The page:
Tables of Contents:

For the Platt, from WorldCat:
The first anthology.

Description: xv, 300 p. : ports. ; 21 cm.
Contents:
Jerry Pournelle --
Larry Niven --
Christopher Priest --
William S. Burroughs --
Arthur C. Clarke --
Alvin Toffler --
John Sladek --
D.M. Thomas --
Keith Roberts --
Andre Norton --
Piers Anthony --
Keith Laumer --
Joe Haldeman --
Fritz Leiber --
Robert Anton Wilson --
Poul Anderson --
Jack Vance --
Theodore Sturgeon --
L. Ron Hubbard --
Joanna Russ --
Janet Morris --
The best of/third edition.
Joan D. Vinge --
Harry Harrison --
Donald A. Wollheim --
Edward L. Ferman --
Kit Reed --
James Tiptree, Jr. --
Stephen King.
Responsibility: by Charles Platt.

for the Shatz, from the table of contents in the online version, link above:
Preface ix

Introduction xi

Part I. Anarchism in Theory: Classics of Anarchist
Thought 1

WILLIAM GODWIN: The Father of Anarchism
Enquiry Concerning Political Justice 3

MAX STIRNER: Individualist Anarchism
The Ego and His Own 42

PIERRE-JOSEPH PROUDHON: Mutualist
A Bantam mm paperback!
Anarchism
General Idea of the Revolution in the Nineteenth
Century 81

MICHAEL BAKUNIN: Revolutionary Anarchism
God and the State 123
Statism and Anarchy 155

PETER KROPOTKIN: Anarchist Communism
The Conquest of Bread 184

LEO TOLSTOY: Christian Anarchism
The Kingdom of God Is Within You 229


Part II. The Mind of the Anarchist: Memoirs and
Autobiographies 267

PETER KROPOTKIN : The "Repentant
Nobleman"
Memoirs of a Revolutionist 269

EMMA GOLDMAN: Anarchism and the
Liberated Woman
Living My Life 312

ALEXANDER BERKMAN: "Propaganda by
the Deed"
Prison Memoirs of an Anarchist 356

RUDOLF ROCKER: The Anarchist "Melting Pot"
The London Years 393


Part III. Anarchism in Practice: Firsthand
Descriptions 423

JOSIAH WARREN: The Cincinnati Time Store
and the Modern Times Colony
Practical Details in Equitable Commerce 425
Practical Applications of the Elementary Principles
of "True Civilization" 443

VOLINE: Nestor Makhno and Anarchism in the
Russian Revolution
The Unknown Revolution 450

FRANZ BORKENAU: The Anarchists in the
Spanish Civil War
The Spanish Cockpit 484


Part IV. Anarchism Today: Anarchist Themes in
the Contemporary World 515

HERBERT READ: Anarchism and Man's
Freedom
Existentialism, Marxism and Anarchism 517

DANIEL GUÉRIN: Workers' Self-Management
of Industry
Anarchism 539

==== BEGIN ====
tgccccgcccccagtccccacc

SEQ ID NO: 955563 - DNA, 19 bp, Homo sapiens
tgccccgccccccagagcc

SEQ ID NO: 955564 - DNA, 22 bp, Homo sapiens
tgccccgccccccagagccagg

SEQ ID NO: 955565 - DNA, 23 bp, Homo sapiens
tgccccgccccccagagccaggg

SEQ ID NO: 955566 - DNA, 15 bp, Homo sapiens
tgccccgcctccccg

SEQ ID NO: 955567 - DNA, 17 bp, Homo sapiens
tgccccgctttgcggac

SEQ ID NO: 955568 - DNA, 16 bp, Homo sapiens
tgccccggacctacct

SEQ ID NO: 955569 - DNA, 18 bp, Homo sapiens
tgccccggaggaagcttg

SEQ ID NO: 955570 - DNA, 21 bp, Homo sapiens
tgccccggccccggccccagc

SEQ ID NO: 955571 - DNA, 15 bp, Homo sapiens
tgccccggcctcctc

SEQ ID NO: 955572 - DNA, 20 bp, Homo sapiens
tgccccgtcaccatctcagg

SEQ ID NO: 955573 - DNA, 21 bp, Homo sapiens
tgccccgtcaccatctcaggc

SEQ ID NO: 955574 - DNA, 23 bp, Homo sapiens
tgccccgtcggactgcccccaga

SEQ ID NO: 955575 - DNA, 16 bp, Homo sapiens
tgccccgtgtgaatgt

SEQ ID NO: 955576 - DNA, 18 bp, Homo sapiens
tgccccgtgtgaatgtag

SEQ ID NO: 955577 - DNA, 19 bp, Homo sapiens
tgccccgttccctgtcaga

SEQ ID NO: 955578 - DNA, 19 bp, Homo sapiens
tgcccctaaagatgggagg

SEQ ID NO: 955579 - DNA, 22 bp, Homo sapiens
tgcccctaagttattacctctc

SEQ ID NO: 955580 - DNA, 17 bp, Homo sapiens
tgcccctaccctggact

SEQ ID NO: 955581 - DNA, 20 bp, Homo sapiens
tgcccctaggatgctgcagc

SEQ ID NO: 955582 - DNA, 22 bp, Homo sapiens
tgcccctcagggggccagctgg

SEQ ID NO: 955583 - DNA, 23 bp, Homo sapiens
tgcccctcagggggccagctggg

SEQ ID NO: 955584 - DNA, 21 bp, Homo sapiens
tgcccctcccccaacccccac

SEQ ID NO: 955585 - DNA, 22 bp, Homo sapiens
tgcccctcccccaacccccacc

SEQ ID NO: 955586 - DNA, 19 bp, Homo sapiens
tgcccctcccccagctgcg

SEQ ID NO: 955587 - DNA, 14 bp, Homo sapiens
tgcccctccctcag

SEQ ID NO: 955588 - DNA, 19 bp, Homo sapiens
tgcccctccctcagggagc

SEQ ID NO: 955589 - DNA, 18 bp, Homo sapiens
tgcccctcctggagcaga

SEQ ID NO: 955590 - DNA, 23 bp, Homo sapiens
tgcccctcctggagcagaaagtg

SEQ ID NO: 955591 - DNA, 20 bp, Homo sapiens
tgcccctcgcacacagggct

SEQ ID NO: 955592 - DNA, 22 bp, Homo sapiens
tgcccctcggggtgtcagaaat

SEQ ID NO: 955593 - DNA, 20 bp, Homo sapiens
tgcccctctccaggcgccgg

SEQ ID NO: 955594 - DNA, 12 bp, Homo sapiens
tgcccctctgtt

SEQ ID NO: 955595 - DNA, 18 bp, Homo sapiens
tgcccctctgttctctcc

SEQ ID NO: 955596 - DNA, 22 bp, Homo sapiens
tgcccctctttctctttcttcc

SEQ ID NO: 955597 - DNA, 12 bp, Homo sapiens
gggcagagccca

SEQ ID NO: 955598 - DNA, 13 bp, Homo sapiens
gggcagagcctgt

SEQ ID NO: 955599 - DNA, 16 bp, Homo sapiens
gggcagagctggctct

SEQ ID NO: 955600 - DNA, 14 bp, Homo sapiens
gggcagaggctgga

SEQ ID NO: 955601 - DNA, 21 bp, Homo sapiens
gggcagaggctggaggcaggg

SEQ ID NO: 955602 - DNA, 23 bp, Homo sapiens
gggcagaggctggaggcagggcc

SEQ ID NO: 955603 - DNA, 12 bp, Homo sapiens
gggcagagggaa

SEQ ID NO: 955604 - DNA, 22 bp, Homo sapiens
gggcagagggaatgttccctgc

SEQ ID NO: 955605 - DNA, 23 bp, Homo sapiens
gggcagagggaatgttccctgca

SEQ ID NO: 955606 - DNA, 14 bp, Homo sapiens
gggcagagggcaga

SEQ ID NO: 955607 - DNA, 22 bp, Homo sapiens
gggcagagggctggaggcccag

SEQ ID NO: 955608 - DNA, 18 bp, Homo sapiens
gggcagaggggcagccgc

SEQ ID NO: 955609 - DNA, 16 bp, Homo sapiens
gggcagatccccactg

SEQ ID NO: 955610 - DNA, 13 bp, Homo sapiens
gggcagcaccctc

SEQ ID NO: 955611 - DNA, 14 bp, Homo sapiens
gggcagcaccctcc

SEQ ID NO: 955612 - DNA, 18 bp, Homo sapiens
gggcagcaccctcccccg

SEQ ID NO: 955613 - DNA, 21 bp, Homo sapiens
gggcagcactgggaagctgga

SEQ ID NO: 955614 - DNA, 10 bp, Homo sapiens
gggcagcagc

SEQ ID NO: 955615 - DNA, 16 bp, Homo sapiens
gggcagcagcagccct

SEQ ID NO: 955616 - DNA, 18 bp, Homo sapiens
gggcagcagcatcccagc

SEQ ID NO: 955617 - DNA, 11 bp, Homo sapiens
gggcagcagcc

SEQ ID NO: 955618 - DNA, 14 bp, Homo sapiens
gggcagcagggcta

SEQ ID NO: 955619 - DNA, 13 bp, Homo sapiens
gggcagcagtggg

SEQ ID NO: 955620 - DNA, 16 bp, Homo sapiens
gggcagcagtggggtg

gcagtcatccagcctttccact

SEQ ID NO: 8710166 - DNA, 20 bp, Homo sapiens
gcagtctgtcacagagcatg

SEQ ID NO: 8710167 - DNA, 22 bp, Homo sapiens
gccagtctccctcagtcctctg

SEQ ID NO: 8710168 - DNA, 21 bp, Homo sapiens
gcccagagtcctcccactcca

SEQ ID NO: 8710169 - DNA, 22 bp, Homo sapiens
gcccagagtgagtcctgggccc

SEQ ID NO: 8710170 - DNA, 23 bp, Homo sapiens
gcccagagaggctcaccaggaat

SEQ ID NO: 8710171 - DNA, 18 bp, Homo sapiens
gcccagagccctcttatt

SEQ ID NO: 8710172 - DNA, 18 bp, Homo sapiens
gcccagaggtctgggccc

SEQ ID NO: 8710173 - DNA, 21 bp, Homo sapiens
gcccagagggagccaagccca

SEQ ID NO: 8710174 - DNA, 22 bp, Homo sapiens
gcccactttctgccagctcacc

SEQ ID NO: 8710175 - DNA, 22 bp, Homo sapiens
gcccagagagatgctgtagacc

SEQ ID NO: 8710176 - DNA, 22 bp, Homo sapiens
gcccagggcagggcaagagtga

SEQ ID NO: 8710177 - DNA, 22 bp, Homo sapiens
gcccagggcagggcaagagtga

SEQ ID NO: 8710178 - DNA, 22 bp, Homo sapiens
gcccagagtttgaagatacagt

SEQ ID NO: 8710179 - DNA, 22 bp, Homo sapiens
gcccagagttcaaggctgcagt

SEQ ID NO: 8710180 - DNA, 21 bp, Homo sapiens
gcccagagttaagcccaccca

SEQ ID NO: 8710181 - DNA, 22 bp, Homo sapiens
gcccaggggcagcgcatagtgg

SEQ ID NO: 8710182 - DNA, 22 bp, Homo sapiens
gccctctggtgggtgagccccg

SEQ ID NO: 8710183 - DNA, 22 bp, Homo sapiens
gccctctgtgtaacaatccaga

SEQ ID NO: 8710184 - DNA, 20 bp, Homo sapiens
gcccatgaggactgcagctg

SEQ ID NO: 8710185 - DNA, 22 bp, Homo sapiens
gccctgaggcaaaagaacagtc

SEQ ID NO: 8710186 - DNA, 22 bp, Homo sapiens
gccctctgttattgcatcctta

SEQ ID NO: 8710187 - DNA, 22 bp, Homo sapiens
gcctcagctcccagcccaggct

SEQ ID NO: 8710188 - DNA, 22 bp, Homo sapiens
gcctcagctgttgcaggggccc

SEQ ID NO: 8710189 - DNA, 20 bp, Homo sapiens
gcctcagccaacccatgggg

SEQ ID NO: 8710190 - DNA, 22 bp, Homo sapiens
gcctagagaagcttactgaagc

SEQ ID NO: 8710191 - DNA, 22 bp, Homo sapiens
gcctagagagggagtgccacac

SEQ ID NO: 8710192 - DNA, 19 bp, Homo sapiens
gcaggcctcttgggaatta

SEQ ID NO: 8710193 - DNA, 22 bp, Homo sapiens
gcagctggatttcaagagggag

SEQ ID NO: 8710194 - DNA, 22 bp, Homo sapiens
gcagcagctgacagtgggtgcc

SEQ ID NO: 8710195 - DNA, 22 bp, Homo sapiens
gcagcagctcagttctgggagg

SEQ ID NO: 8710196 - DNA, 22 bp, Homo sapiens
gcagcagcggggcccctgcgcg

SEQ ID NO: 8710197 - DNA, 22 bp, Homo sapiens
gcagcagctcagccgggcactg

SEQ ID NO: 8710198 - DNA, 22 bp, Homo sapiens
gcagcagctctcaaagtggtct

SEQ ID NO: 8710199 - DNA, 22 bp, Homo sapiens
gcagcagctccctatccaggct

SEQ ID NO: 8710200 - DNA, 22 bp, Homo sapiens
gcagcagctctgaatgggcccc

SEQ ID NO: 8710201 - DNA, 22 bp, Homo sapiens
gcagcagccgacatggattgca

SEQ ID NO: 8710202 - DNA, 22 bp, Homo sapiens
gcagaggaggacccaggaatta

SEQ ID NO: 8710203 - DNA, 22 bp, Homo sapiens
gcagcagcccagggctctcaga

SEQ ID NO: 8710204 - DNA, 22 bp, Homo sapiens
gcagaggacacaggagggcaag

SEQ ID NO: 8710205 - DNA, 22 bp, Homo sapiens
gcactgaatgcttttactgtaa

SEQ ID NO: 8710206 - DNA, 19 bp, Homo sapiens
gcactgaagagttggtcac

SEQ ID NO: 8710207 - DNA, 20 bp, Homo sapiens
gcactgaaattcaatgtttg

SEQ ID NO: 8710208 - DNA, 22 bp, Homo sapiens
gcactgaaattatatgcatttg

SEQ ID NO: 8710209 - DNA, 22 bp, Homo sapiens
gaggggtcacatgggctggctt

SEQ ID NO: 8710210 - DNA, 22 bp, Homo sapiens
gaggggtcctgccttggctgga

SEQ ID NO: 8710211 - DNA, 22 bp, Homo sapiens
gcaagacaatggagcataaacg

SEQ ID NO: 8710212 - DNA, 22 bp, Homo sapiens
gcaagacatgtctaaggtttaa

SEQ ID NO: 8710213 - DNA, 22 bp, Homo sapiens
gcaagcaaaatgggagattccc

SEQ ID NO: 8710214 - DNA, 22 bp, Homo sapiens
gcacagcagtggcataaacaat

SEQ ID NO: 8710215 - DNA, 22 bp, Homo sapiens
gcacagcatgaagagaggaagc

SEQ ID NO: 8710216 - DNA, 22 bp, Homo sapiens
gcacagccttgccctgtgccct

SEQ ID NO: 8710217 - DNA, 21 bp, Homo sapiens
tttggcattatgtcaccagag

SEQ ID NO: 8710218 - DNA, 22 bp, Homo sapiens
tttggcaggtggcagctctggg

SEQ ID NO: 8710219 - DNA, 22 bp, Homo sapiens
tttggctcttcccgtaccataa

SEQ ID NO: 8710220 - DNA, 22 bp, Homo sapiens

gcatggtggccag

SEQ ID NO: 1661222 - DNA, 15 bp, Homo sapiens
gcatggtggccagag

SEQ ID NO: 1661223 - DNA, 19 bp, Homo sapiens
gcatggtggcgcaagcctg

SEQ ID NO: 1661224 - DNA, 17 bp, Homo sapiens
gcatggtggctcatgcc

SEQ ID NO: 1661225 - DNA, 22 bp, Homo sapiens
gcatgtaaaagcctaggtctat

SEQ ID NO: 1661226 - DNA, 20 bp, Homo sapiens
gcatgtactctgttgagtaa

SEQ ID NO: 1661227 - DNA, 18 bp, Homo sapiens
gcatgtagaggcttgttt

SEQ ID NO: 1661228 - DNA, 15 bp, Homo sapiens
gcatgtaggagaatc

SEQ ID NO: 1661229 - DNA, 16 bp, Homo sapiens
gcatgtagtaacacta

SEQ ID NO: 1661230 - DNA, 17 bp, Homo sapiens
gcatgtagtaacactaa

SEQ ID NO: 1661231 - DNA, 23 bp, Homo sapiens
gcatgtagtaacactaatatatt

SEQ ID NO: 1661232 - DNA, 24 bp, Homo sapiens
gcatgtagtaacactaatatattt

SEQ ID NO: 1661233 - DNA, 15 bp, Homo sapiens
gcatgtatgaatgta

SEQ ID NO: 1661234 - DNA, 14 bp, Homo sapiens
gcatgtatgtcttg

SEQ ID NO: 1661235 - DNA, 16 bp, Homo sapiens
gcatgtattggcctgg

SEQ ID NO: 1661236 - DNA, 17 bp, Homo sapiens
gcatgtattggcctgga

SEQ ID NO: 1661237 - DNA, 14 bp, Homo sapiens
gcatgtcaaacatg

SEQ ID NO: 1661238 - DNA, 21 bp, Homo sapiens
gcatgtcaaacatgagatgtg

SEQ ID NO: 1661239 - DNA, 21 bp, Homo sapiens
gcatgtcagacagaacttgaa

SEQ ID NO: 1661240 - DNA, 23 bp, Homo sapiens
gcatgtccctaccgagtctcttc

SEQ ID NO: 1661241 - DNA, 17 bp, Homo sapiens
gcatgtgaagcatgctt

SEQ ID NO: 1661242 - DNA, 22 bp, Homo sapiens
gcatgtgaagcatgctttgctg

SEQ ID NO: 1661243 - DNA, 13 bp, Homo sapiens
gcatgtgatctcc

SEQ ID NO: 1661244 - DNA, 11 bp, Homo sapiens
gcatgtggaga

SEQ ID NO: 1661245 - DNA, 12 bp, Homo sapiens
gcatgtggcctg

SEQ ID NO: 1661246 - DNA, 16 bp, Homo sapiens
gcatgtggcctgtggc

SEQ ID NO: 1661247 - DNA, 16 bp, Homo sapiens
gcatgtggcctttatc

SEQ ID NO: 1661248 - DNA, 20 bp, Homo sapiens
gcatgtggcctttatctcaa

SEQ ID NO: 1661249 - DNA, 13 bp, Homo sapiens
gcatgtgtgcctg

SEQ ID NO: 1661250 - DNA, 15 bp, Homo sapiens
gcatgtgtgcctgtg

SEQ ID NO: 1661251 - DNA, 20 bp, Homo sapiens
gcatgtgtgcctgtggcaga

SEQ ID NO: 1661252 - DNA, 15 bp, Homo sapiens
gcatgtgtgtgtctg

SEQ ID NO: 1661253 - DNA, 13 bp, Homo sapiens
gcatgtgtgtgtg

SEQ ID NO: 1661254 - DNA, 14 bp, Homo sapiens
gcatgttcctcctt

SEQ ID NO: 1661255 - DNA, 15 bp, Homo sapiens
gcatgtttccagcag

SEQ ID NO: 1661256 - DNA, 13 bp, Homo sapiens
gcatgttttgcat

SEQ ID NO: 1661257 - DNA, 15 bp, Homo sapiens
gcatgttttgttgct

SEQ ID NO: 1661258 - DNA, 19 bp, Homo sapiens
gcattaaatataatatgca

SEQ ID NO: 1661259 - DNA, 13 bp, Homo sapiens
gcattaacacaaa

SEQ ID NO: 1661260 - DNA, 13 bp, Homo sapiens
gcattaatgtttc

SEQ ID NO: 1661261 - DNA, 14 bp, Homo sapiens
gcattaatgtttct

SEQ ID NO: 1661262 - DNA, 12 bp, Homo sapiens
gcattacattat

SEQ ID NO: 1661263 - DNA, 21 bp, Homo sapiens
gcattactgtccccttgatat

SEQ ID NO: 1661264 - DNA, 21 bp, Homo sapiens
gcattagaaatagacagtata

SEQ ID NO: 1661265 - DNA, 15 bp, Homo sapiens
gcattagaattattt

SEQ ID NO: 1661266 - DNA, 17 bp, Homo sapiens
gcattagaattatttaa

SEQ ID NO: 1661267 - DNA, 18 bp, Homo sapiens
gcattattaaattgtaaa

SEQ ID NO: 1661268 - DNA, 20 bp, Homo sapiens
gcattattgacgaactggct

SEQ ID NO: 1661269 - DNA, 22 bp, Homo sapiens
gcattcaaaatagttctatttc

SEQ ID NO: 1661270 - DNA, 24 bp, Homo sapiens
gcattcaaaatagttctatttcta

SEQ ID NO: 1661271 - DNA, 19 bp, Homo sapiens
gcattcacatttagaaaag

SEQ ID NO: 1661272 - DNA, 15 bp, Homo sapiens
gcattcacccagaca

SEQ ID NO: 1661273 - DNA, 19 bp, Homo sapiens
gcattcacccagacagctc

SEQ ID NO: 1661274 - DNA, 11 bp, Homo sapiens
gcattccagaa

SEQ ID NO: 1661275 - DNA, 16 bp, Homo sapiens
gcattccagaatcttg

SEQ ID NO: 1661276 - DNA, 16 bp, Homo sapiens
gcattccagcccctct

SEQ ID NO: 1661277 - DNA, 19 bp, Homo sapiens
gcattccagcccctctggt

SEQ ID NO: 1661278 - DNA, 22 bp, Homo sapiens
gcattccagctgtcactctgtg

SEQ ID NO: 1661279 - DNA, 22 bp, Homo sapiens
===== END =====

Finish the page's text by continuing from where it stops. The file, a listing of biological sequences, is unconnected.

DANIEL AND GABRIEL COHN-BENDIT:
Anarchism and Student Revolt
Obsolete Communism: The Left-Wing Alternative 553

ROEL VAN DUYN: The Kabouters of Holland
Proclamation of the Orange Free State 569

PAUL AND PERCIVAL GOODMAN: Restoration
of the Community
Communitas 575


Suggestions for Further Reading 598
Index of Persons 601


For more "forgotten" books in the midst of college-years memoirs, see Patti Abbott's blog for a guide to the other participants...

8 comments:

pattinase (abbott) said...

Wow. This is a nice retrospective of you college years. Being in Hawaii would take me in all kinds of different directions than the ones I took.

George said...

I actually own this book (and DREAM MAKERS I). And I always thought Charles Platt was an underrated writer.

Todd Mason said...

George, I agree. Platt's FREE ZONE, for example, is an excellent novel, about a litertarian socialist limited state in a near-future North America. DREAM MAKERS the first was issued while I was in high school, and read then...the 1987 "best of" harcover reprint, taking interviews from both volumes and rather confusingly calling itself simply DREAM MAKERS is an inadequate substitute for both earlier volumes.

Patti--well, I certainly mostly though not by any means in every way preferred life in the Oahu city (though administered as a part of Honolulu) of Kailua to life in Londonderry, NH, where I'd spent the previous three years. And, of course, this is quite a gloss, particularly over my Virginia undergraduate years, and barely touches on, for example, my non-political social life. Though my social life was rather politically charged in those years.

Evan Lewis said...

Dream Makers sounds like a must have.

Todd Mason said...

Yes...the first volume and this one, II, are pretty impressive. Just don't settle for the the boiled down 1987 volume. Douglas Winter and Ed Gorman have had comparable books of horror fiction and crime fiction writer interview/profiles out.

K. A. Laity said...

I don't know the book, but I enjoyed reading your recap of the college years. I'm afraid my own didn't enlighten me all that much -- or as much as later studies would -- and I quickly grew disenchanted with the bourgeois liberal mindset that had very little to say to me and was far too conservative for my increasingly radical notions, ditto Utne, Atlantic and the rest of the supposedly lefty and liberal MOR stuff.

But my revolutionary ideals are more Blakeian than movement oriented, so I am revolting on my own.

I will try not to read into my WV: copprogr

Todd Mason said...

Yup...the increasingly dull and increasing rightward swing of THE ATLANTIC and the generalized triviality of UTNE READER put me off...but OUR GENERATION and SOCIAL ANARCHISM and PROFANE EXISTENCE (which published a short essay by me that made its way, in part, into someone else's commercially-published thesis, which I was made aware of on the same day I bought my first car. Now, THERE's bourgeois life in a capsule for you...particularly since it was Ford station wagon) were livelier or more solid or both. The books are worth knowing, the Platt clearly more original than than the (noble name) Shatz, but they did me right. And, thanks. Query me for the grimmer details sometime if you want. Mostly me being an ass with people who deserved better. Then again, I called our current US Vice President on his bullshit on two occasions to his face, back in his Senatorial daze.

And HARPER'S in the '80s made me happier. Less impressive now, but still better than THE ATLANTIC or THE NEW YORKER...much less VANITY FAIR.

Todd Mason said...

And even if a CopProgger, you're hardly revolting...revolving/evolving perhaps!